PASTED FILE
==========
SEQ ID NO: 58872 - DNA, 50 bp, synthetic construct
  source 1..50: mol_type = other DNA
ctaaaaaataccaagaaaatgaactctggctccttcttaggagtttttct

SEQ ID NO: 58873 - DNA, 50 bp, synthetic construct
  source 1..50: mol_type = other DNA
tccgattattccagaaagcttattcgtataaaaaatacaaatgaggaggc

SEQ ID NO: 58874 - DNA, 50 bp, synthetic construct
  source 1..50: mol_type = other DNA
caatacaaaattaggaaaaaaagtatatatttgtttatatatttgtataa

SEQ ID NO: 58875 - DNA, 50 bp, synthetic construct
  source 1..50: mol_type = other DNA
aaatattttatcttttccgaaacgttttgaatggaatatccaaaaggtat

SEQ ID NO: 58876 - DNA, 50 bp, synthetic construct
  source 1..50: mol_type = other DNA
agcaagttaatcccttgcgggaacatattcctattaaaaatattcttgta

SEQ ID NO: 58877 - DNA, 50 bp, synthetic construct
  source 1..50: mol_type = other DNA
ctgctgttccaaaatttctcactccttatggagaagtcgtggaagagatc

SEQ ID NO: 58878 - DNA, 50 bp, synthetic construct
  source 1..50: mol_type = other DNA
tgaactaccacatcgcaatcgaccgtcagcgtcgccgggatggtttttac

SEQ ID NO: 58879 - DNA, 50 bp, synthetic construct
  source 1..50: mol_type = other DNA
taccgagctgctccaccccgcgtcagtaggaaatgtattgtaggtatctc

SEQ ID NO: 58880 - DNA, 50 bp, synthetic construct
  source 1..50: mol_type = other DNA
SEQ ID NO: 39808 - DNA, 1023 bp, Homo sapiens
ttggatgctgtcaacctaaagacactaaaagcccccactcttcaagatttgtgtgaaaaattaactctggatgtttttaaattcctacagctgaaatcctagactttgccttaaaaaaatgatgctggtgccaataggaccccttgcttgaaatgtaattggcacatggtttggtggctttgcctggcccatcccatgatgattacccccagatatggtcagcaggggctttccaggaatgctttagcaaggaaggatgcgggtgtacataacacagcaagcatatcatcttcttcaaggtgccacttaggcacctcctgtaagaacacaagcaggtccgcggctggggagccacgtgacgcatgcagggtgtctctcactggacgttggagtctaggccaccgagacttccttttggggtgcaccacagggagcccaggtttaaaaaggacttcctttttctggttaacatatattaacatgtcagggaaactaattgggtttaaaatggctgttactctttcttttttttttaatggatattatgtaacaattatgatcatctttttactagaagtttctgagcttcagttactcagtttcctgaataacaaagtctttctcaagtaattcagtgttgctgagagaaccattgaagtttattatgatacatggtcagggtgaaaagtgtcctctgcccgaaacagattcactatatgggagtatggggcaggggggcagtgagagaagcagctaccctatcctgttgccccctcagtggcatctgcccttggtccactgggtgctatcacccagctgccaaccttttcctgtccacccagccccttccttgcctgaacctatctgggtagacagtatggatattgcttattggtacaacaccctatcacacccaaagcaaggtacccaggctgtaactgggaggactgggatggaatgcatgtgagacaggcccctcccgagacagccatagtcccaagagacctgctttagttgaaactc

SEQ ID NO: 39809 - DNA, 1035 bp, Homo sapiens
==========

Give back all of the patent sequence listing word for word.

SEQ ID NO: 58872 - DNA, 50 bp, synthetic construct
  source 1..50: mol_type = other DNA
ctaaaaaataccaagaaaatgaactctggctccttcttaggagtttttct

SEQ ID NO: 58873 - DNA, 50 bp, synthetic construct
  source 1..50: mol_type = other DNA
tccgattattccagaaagcttattcgtataaaaaatacaaatgaggaggc

SEQ ID NO: 58874 - DNA, 50 bp, synthetic construct
  source 1..50: mol_type = other DNA
caatacaaaattaggaaaaaaagtatatatttgtttatatatttgtataa

SEQ ID NO: 58875 - DNA, 50 bp, synthetic construct
  source 1..50: mol_type = other DNA
aaatattttatcttttccgaaacgttttgaatggaatatccaaaaggtat

SEQ ID NO: 58876 - DNA, 50 bp, synthetic construct
  source 1..50: mol_type = other DNA
agcaagttaatcccttgcgggaacatattcctattaaaaatattcttgta

SEQ ID NO: 58877 - DNA, 50 bp, synthetic construct
  source 1..50: mol_type = other DNA
ctgctgttccaaaatttctcactccttatggagaagtcgtggaagagatc

SEQ ID NO: 58878 - DNA, 50 bp, synthetic construct
  source 1..50: mol_type = other DNA
tgaactaccacatcgcaatcgaccgtcagcgtcgccgggatggtttttac

SEQ ID NO: 58879 - DNA, 50 bp, synthetic construct
  source 1..50: mol_type = other DNA
taccgagctgctccaccccgcgtcagtaggaaatgtattgtaggtatctc

SEQ ID NO: 58880 - DNA, 50 bp, synthetic construct
  source 1..50: mol_type = other DNA
SEQ ID NO: 39808 - DNA, 1023 bp, Homo sapiens
ttggatgctgtcaacctaaagacactaaaagcccccactcttcaagatttgtgtgaaaaattaactctggatgtttttaaattcctacagctgaaatcctagactttgccttaaaaaaatgatgctggtgccaataggaccccttgcttgaaatgtaattggcacatggtttggtggctttgcctggcccatcccatgatgattacccccagatatggtcagcaggggctttccaggaatgctttagcaaggaaggatgcgggtgtacataacacagcaagcatatcatcttcttcaaggtgccacttaggcacctcctgtaagaacacaagcaggtccgcggctggggagccacgtgacgcatgcagggtgtctctcactggacgttggagtctaggccaccgagacttccttttggggtgcaccacagggagcccaggtttaaaaaggacttcctttttctggttaacatatattaacatgtcagggaaactaattgggtttaaaatggctgttactctttcttttttttttaatggatattatgtaacaattatgatcatctttttactagaagtttctgagcttcagttactcagtttcctgaataacaaagtctttctcaagtaattcagtgttgctgagagaaccattgaagtttattatgatacatggtcagggtgaaaagtgtcctctgcccgaaacagattcactatatgggagtatggggcaggggggcagtgagagaagcagctaccctatcctgttgccccctcagtggcatctgcccttggtccactgggtgctatcacccagctgccaaccttttcctgtccacccagccccttccttgcctgaacctatctgggtagacagtatggatattgcttattggtacaacaccctatcacacccaaagcaaggtacccaggctgtaactgggaggactgggatggaatgcatgtgagacaggcccctcccgagacagccatagtcccaagagacctgctttagttgaaactc

SEQ ID NO: 39809 - DNA, 1035 bp, Homo sapiens